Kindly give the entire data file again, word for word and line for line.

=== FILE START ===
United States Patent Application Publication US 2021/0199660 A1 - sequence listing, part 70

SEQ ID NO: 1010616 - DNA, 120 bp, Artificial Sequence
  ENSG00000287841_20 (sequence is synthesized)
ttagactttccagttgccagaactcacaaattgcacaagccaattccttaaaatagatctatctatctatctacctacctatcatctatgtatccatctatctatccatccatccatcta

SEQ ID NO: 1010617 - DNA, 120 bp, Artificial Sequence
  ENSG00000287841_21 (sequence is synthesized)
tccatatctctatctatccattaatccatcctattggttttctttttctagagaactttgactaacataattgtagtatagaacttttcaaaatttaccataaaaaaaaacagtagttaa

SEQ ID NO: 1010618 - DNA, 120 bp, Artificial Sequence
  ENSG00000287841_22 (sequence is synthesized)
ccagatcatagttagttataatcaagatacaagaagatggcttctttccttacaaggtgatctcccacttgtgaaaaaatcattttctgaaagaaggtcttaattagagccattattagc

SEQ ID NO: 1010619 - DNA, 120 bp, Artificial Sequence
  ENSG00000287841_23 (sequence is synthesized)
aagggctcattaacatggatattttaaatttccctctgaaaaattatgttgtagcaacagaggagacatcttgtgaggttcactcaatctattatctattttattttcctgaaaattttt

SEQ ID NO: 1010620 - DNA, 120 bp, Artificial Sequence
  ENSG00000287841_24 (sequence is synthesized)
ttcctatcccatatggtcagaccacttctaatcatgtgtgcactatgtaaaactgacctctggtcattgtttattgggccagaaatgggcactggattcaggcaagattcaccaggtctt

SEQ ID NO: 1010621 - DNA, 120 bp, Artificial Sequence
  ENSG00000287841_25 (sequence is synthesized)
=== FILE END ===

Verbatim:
United States Patent Application Publication US 2021/0199660 A1 - sequence listing, part 70

SEQ ID NO: 1010616 - DNA, 120 bp, Artificial Sequence
  ENSG00000287841_20 (sequence is synthesized)
ttagactttccagttgccagaactcacaaattgcacaagccaattccttaaaatagatctatctatctatctacctacctatcatctatgtatccatctatctatccatccatccatcta

SEQ ID NO: 1010617 - DNA, 120 bp, Artificial Sequence
  ENSG00000287841_21 (sequence is synthesized)
tccatatctctatctatccattaatccatcctattggttttctttttctagagaactttgactaacataattgtagtatagaacttttcaaaatttaccataaaaaaaaacagtagttaa

SEQ ID NO: 1010618 - DNA, 120 bp, Artificial Sequence
  ENSG00000287841_22 (sequence is synthesized)
ccagatcatagttagttataatcaagatacaagaagatggcttctttccttacaaggtgatctcccacttgtgaaaaaatcattttctgaaagaaggtcttaattagagccattattagc

SEQ ID NO: 1010619 - DNA, 120 bp, Artificial Sequence
  ENSG00000287841_23 (sequence is synthesized)
aagggctcattaacatggatattttaaatttccctctgaaaaattatgttgtagcaacagaggagacatcttgtgaggttcactcaatctattatctattttattttcctgaaaattttt

SEQ ID NO: 1010620 - DNA, 120 bp, Artificial Sequence
  ENSG00000287841_24 (sequence is synthesized)
ttcctatcccatatggtcagaccacttctaatcatgtgtgcactatgtaaaactgacctctggtcattgtttattgggccagaaatgggcactggattcaggcaagattcaccaggtctt

SEQ ID NO: 1010621 - DNA, 120 bp, Artificial Sequence
  ENSG00000287841_25 (sequence is synthesized)